Voices of WRJ

This weekly blog series, published on Fridays, features insights from WRJ leaders on the Torah portions from a women's perspective. Enhance your Torah learning and understanding by adding Voices to your reading list.

Parashat Mikeitz

Phyllis Strasberg
What really stood out to me as I was reading the Contemporary Reflections in The Torah: A Women’s Commentary by Judy Schindler was her reminder of Joseph’s children’s Ephraim and Manasseh becoming part of our tables for generations – the Sabbath Prayer. “May you be like Ephraim and Manasseh.” It reminds me of the many Shabbats I spent hearing the Fiddler on the Roof version of the Sabbath Prayer at Henry S. Jacobs Camps. I remember how comforting it always is to hear, “May the Lord protect and defend you.” After hearing, “May you be like Ruth and like Esther,” I am instantly taken back to wearing white and sweating (it is hot in Utica, MS!).  

Parashat Vayeishev

fredi Bleeker Franks
Over the years, I have heard so many stories of women who had big dreams for themselves, their families, and yes, even their women’s groups, but had let them go because they were told to be realistic and get their heads out of the clouds. They were told that their dreams would never come true. During those conversations, I encouraged those women to revisit their dreams. I told them that, as with our friend Joseph, dreams could be connections with God and our most authentic selves, and we owe it to ourselves to try to make them come true.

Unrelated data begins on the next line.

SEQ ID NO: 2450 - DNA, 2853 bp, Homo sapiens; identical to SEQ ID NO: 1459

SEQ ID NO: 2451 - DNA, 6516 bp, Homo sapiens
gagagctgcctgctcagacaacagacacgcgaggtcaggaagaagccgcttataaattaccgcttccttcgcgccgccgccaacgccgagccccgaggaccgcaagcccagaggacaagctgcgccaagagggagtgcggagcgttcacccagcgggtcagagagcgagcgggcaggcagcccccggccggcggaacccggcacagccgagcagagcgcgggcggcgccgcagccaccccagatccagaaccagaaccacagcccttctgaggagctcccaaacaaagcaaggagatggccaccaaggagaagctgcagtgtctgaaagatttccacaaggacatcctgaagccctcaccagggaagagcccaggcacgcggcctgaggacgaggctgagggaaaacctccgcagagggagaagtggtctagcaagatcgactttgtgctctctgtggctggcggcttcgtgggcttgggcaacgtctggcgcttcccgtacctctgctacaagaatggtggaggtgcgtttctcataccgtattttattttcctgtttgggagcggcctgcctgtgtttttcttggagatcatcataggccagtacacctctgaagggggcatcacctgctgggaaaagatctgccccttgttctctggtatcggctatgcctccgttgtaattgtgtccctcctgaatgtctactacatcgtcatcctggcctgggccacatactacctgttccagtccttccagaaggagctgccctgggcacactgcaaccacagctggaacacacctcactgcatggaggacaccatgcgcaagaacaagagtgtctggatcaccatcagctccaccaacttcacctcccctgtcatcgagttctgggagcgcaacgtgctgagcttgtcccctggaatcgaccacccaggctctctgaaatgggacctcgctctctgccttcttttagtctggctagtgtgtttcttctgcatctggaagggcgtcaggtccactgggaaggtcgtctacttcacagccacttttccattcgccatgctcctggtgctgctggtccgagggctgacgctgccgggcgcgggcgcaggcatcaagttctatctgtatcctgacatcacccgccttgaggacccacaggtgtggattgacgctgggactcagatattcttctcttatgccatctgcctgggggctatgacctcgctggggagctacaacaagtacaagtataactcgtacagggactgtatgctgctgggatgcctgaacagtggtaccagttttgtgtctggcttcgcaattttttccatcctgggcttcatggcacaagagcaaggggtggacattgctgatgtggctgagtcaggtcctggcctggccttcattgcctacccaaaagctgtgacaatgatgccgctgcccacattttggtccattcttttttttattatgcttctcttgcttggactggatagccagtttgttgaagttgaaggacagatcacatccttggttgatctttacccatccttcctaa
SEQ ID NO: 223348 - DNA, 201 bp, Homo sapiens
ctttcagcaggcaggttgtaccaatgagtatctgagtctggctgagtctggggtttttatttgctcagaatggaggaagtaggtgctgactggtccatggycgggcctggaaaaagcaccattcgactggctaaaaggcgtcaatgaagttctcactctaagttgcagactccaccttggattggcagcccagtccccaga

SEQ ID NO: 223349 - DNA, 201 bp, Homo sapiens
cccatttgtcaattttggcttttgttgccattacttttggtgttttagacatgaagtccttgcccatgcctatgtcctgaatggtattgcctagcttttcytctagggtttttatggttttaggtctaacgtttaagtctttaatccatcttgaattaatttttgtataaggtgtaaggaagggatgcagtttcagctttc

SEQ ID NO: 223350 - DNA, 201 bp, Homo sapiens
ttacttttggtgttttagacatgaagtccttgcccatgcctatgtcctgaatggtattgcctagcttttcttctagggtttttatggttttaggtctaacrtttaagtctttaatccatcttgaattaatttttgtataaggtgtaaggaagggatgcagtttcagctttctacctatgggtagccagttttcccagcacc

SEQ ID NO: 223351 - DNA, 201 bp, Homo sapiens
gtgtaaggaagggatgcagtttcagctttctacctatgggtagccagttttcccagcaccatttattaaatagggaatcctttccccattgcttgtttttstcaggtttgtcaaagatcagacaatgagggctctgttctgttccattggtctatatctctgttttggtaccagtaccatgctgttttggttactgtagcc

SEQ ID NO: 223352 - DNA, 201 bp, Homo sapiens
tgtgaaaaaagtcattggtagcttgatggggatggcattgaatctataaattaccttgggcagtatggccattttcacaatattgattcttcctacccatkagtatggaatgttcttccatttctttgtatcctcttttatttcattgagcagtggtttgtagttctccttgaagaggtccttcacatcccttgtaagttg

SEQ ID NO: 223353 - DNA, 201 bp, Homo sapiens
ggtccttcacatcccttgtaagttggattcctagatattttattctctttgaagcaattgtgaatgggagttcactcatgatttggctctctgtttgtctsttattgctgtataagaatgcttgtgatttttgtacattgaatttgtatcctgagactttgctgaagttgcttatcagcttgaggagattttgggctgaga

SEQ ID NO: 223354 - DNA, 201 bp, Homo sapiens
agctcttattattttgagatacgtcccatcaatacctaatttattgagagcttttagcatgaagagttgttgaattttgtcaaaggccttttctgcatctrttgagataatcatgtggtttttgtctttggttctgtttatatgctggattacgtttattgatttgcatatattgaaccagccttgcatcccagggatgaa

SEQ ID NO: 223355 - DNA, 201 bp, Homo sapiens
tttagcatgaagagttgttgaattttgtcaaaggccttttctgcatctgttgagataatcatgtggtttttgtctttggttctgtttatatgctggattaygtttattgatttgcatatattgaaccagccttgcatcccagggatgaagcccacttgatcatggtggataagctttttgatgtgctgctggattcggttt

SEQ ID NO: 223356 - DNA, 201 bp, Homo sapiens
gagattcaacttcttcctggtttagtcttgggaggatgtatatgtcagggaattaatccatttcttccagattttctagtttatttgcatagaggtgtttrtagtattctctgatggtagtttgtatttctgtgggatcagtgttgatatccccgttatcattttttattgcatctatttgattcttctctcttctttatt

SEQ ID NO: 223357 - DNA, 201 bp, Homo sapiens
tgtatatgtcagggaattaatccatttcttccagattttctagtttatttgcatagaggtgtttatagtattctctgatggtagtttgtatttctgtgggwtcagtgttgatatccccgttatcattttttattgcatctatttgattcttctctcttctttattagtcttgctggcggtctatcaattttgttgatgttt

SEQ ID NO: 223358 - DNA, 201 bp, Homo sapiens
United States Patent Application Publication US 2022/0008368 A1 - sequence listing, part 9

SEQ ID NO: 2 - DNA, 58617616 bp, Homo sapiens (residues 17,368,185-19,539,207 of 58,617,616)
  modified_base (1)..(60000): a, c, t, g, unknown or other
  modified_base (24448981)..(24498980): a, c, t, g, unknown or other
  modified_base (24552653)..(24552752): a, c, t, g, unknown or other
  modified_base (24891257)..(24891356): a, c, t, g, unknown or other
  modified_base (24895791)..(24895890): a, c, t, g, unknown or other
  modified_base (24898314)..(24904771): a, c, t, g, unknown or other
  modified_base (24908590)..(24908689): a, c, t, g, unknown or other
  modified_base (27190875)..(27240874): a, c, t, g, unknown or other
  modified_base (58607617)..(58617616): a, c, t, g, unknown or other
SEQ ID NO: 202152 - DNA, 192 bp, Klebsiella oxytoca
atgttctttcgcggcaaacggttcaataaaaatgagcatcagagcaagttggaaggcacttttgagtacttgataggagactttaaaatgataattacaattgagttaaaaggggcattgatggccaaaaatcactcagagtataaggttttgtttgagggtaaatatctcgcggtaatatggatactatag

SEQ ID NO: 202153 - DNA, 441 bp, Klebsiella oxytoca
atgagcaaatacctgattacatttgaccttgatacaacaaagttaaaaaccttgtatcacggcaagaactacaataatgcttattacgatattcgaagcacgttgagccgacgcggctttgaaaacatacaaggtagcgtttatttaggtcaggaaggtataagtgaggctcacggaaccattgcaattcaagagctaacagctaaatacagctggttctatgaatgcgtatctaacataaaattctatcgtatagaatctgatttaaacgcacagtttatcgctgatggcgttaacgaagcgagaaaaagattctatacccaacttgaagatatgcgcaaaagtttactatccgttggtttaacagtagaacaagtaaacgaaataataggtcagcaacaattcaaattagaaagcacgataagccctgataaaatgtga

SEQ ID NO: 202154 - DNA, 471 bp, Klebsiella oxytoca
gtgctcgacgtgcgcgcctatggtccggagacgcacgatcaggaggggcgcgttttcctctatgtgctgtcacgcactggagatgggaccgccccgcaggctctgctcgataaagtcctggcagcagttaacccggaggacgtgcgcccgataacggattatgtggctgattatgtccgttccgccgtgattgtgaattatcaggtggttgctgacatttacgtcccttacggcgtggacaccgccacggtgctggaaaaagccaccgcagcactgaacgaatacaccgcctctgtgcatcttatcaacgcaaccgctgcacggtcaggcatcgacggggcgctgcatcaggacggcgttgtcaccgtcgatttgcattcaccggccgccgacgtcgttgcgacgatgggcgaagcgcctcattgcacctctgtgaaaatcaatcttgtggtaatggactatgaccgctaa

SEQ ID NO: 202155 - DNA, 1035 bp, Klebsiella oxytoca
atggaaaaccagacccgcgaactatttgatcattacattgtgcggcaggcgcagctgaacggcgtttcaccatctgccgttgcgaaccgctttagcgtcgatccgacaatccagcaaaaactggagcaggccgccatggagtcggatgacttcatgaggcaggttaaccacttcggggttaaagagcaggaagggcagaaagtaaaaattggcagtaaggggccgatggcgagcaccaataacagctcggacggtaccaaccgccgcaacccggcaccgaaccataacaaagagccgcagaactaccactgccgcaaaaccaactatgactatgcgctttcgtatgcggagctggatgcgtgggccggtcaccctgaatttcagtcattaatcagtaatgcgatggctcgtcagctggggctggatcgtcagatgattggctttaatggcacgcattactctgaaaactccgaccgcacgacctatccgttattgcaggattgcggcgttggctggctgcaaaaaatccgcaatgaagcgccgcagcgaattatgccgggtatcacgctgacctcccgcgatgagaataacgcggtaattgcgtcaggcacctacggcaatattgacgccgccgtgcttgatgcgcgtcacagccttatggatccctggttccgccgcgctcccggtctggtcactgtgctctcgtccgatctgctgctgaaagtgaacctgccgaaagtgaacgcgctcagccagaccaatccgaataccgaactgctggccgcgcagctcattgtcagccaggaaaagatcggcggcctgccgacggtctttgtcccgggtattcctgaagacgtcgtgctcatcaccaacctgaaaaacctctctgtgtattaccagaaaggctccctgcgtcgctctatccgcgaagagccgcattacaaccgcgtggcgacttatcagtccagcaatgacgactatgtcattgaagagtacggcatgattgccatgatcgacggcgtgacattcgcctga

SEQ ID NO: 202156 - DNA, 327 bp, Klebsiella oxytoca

Parashat Vayishlach 

Jane Taves
How many family rifts have we witnessed in our lives, over far less serious wrongs than those suffered by Esau, and how often are the family members unable to find this forgiveness? And in our larger world, how many conflicts are we witnessing between nations, political beliefs, religions, and even streams of Judaism? Forgiveness and reconciliation are in short supply right now. What can we learn from the decisions that Esau makes in this parashah?

Parashat Vayeitzei

Karen Sim, WRJ First Vice President, Isaac M. Wise Temple, Cincinnati, OH
For me, Jacob's ladder is the connection between heaven and Earth, which we travel in life, as contemporary Jews, with the guidance of Torah and the wisdom we garner from personal experience to act in an ethical and moral fashion. Our “house of God” is the Earth we inhabit, the arena where we balance good and bad, and seek to bring divine inspiration to daily life. This is our challenge and guides our choices as individuals and as members of Women of Reform Judaism.

Parashat Tol'dot

Sharon Zydney
In the US, slavery and segregation meant that Blacks and whites lived as ‘2 peoples’ where whites prevailed over Blacks. While laws have been passed to remove barriers to equal justice, centuries of racial subordination and discrimination do not end just because laws are passed to prohibit them. There is still much work to be done to ensure that all persons have their civil rights and that, unlike the blessing Isaac conferred on Esau, they can live freely wherever they wish to reside. We can help affect change through participation in any number of social action and social justice initiatives.